This was not the Pharoah I remember knowing. The Pharoah for whom I once stood in a New York street blocking a parking space while my friend drove around the block to get across the street to it–another person drove up and I refused to move, he told me “brother, you know you’re wrong”. And I was. But I had been instructed by my up-south friend to post myself there and not give up the space while he rushed though the Manhattan traffic to get to this coveted parking spot.

I obstinately stood my ground, not simply because I had been instructed to do that but, rather, because we were going to see Pharoah. I was willing to pay the cost of knowingly being wrong.

That was in the way-out late seventies. This new record was some Covid-era stuff. It is both different and surprisingly affective. Pharoah is Pharoah, of course. But rather than jazz, this is a new age recording of an eighty-year-old former enfant terrible from way back when, who is not afraid of today’s modernistic, completely (and pandemically) surprising future.

I cried when Coltrane died and am deeply thankful that Trane’s compatriot follower and subsequent sonic titan, who carried forward Trane’s aural torch, remains active with us decades, and decades, later. This recording is actually more than a promise, it is a fulfillment of the wonderful world of sound envisioned way back in the day.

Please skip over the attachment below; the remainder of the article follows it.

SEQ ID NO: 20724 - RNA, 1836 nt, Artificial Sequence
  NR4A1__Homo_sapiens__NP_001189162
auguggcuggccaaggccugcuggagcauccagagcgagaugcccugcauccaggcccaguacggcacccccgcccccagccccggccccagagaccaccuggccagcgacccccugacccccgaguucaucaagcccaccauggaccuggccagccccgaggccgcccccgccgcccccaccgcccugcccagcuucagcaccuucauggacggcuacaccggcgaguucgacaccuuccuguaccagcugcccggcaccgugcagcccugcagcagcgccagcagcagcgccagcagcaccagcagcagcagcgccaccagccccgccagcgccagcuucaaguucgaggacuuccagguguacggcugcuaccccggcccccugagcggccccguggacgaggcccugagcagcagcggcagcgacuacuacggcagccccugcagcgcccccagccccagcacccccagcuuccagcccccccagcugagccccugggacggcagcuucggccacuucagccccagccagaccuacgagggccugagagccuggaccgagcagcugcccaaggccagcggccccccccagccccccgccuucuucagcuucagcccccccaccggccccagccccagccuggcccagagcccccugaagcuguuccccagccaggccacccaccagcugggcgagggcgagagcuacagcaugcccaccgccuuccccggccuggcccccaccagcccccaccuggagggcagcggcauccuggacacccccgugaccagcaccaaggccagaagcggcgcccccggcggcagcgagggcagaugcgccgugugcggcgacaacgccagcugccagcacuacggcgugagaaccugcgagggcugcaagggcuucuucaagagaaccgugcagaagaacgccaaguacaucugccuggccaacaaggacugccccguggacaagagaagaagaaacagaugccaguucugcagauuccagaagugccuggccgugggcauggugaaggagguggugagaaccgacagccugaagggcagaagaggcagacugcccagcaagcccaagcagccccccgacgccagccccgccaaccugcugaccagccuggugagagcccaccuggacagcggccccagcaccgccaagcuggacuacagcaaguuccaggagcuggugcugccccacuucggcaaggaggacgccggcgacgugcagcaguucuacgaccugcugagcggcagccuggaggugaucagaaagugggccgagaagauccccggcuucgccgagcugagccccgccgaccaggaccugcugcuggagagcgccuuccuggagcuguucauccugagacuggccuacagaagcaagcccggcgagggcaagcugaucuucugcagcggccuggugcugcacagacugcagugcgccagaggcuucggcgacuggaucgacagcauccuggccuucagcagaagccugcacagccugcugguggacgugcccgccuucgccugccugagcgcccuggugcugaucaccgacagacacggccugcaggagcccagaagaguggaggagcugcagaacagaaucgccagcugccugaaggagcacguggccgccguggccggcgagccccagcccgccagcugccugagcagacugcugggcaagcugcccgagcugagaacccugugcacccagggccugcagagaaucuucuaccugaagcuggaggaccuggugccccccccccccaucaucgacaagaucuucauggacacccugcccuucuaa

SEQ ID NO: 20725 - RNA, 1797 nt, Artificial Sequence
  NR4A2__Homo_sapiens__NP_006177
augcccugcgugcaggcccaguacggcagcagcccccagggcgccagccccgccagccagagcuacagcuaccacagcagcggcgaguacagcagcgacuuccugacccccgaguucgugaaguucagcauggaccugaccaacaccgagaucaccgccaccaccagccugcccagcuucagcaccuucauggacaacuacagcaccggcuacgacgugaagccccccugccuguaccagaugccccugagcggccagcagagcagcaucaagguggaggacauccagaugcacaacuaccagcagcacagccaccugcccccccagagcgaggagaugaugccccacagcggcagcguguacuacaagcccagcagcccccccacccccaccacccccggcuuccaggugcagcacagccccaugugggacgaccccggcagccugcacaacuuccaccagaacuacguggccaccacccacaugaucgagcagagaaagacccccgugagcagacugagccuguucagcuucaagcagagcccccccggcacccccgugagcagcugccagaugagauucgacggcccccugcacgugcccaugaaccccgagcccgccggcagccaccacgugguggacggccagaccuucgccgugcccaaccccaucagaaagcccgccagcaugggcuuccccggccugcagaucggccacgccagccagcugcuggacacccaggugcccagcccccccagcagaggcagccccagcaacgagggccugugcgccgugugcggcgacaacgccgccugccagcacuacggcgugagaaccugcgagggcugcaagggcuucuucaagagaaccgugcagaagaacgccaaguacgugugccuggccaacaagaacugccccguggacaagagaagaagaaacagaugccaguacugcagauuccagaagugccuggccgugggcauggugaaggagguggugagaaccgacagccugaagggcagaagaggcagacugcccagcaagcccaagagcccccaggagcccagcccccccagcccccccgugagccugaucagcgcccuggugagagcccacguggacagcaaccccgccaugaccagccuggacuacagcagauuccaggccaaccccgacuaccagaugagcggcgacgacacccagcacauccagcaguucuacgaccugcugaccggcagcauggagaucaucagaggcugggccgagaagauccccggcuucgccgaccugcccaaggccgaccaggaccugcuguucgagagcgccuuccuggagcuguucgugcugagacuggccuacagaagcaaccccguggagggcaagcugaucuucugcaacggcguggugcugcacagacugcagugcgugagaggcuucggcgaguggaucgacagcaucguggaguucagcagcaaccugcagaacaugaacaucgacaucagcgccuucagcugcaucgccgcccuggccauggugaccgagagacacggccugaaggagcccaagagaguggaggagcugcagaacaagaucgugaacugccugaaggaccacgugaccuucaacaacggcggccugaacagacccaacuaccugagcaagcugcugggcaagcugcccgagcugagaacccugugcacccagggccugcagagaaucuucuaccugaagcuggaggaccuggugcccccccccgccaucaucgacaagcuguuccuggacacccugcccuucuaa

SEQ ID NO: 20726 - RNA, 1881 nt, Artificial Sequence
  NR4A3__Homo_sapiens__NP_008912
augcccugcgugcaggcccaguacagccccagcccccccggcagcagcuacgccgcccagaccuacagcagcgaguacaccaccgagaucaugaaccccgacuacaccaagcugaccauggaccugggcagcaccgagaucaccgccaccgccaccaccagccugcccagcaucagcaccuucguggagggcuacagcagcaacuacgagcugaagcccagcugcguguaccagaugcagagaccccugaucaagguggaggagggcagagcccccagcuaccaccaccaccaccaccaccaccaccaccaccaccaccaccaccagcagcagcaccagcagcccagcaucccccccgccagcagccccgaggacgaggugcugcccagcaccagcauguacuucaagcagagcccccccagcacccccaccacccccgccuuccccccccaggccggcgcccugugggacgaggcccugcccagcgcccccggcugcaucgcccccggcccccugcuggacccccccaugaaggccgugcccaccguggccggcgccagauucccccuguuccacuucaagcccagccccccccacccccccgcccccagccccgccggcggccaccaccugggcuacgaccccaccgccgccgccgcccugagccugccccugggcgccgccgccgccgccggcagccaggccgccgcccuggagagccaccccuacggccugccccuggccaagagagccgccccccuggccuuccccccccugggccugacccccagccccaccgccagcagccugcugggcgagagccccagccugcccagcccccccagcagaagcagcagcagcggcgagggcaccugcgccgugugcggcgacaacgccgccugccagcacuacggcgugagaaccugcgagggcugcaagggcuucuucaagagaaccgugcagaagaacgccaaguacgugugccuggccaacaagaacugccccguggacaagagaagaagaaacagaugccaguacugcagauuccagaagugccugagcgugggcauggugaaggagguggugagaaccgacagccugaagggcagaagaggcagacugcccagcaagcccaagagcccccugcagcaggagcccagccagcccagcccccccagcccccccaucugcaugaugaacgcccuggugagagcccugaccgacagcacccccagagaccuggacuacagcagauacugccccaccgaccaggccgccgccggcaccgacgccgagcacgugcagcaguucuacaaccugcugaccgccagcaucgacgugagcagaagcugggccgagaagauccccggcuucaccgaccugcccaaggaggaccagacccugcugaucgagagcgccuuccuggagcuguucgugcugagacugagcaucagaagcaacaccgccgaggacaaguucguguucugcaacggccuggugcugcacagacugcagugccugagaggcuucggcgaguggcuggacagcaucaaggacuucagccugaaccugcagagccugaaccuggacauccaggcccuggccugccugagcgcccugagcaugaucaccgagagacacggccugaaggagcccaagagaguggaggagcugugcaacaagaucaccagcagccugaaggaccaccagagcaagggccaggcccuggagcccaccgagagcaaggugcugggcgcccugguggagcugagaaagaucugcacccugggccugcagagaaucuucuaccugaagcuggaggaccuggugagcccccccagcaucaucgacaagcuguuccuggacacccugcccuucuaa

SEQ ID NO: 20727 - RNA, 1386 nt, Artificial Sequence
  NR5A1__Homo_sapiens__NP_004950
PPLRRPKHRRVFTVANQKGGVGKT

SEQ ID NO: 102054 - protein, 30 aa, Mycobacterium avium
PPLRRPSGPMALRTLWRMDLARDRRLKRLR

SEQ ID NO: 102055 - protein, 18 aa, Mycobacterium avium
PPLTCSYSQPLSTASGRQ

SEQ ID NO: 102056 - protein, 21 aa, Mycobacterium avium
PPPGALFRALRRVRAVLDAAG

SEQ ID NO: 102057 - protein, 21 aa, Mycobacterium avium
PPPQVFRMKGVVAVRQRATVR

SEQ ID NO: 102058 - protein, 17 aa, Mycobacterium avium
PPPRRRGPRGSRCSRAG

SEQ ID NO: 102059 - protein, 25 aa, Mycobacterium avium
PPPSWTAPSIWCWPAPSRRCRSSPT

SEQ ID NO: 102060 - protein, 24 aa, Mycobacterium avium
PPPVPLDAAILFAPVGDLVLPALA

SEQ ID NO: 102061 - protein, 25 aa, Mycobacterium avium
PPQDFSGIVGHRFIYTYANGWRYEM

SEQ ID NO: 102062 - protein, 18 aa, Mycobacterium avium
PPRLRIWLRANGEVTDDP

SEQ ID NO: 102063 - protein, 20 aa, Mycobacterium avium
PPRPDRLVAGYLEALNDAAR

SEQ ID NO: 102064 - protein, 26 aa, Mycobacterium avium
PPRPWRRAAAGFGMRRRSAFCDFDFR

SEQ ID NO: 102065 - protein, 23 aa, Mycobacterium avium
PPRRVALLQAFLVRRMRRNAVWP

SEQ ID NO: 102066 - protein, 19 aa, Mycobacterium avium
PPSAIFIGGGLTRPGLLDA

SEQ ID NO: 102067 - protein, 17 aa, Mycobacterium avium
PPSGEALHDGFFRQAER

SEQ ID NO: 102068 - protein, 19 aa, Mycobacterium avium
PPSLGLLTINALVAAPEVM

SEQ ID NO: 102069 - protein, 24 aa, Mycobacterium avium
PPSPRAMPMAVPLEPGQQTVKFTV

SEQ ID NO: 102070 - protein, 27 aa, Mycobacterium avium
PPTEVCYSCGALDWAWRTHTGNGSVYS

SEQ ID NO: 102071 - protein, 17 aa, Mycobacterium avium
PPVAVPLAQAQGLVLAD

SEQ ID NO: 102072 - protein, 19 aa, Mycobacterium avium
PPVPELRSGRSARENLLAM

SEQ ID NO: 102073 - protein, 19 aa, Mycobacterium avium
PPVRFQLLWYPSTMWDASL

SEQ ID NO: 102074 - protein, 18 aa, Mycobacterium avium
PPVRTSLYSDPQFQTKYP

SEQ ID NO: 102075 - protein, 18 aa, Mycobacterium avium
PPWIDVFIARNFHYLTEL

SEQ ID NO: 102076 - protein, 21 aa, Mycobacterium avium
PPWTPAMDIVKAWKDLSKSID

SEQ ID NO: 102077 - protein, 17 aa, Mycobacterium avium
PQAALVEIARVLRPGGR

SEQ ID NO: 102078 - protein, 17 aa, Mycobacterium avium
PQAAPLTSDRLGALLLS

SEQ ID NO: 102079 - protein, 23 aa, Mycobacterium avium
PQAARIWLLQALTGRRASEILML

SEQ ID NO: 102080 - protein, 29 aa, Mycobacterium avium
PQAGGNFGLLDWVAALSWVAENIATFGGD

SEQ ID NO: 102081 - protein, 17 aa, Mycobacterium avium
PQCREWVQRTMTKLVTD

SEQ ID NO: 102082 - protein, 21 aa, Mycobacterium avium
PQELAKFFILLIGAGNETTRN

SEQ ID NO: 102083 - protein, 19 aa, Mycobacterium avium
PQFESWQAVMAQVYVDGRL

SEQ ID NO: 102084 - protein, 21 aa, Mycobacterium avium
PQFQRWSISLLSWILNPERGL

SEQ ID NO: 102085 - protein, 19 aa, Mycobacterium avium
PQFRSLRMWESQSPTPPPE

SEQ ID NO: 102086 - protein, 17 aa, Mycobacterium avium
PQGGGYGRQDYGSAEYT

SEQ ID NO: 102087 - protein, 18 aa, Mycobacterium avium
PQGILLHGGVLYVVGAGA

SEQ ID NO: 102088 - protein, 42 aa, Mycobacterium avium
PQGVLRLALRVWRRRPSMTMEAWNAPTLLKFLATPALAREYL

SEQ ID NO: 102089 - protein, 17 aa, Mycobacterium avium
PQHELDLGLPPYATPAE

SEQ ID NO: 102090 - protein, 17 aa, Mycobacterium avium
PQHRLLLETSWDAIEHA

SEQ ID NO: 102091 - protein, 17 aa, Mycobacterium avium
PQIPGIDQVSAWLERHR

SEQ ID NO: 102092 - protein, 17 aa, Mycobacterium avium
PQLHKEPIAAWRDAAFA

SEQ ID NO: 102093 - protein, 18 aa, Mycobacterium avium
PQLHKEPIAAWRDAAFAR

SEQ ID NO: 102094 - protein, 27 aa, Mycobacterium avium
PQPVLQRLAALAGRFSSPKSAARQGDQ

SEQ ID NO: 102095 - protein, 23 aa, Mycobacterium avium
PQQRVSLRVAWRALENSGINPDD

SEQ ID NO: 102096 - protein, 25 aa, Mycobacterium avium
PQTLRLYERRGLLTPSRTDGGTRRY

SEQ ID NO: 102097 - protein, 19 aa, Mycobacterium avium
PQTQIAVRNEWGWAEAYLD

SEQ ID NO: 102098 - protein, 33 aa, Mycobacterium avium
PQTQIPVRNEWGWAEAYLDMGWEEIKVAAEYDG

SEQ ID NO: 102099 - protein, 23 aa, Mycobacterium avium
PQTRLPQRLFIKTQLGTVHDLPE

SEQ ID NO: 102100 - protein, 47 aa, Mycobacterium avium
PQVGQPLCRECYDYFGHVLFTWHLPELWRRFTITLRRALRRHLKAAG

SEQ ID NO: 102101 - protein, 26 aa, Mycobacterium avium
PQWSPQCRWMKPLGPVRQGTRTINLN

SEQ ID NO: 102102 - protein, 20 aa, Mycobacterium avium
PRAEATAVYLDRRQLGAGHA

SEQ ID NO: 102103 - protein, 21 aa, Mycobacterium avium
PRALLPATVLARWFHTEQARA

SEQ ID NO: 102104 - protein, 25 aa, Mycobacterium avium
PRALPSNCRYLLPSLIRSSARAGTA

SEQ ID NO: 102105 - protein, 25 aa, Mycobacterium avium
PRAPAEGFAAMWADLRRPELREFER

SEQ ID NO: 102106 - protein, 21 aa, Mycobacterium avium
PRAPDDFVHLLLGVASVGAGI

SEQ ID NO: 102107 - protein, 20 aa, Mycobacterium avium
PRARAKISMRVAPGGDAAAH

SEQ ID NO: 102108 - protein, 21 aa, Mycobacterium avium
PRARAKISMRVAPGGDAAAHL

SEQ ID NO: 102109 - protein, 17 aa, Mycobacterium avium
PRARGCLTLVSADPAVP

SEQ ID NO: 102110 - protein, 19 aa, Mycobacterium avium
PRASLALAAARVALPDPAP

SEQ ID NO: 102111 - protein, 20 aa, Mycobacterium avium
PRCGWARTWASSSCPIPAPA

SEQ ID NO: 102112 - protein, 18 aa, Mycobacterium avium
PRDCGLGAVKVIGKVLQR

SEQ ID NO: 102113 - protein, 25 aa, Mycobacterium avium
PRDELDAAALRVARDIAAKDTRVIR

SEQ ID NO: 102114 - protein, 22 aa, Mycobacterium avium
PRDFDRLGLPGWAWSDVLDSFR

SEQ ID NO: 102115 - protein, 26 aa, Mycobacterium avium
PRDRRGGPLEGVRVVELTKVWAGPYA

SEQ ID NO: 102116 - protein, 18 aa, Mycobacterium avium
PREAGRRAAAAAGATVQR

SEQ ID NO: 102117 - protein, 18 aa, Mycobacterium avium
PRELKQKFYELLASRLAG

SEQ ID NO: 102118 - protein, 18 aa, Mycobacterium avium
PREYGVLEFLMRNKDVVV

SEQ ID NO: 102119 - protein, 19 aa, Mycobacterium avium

There are some people and experiences, once we have been touched by them, we remain changed forever.






Are tomorrow / what a blessing

To sit next to you

B-Mike’s studio

A crush of peoples

Before us


I was given

A chance to witness

And bask in the glow

Of your gentle uprising

Defiant as the upsweep

Of your bold afro crown


Beauty growing out of the lake

Of old admiration for new world a’coming

Don’t be no fool. Monday (April 1, 2021) @ New Orleans Healing Center/Cafe Istanbul (7pm CST), hosted by Bill Lavender and Megan Burns. Some of us will gather together. &. Celebrate. Kick off a festival and new publication: I Am New Orleans. 36 poets feasting on the signature work from the Christian corpus. My man, Marcus Christian. A comprehensive poetic compendium, defining being (and missing) New Orleans.

Young scribe Skye Jackson will weave us deep into the tapestry of 21st-century Crescent City. Tender. Terrifying. Real. Imagined. Bayou and river mapped. Canal and lake surrounded. Sounds and sensibilities. Old head Kalamu ya Salaam will drop some verbal morsels. Both complementing and contrasting with Skye, and the overall celestial sound of poetry based on ancestral work plus as yet unrealized imaginations.

Come. Find out what it all means. . . 


I was going to start with Sheku. After all he had been featured at the Royal Wedding and was probably the best known internationally. But as I got deeper into checking him out, I found out he was but one of seven siblings. Seven! And they all played music. Not just music in general, but rather, classical music in particular.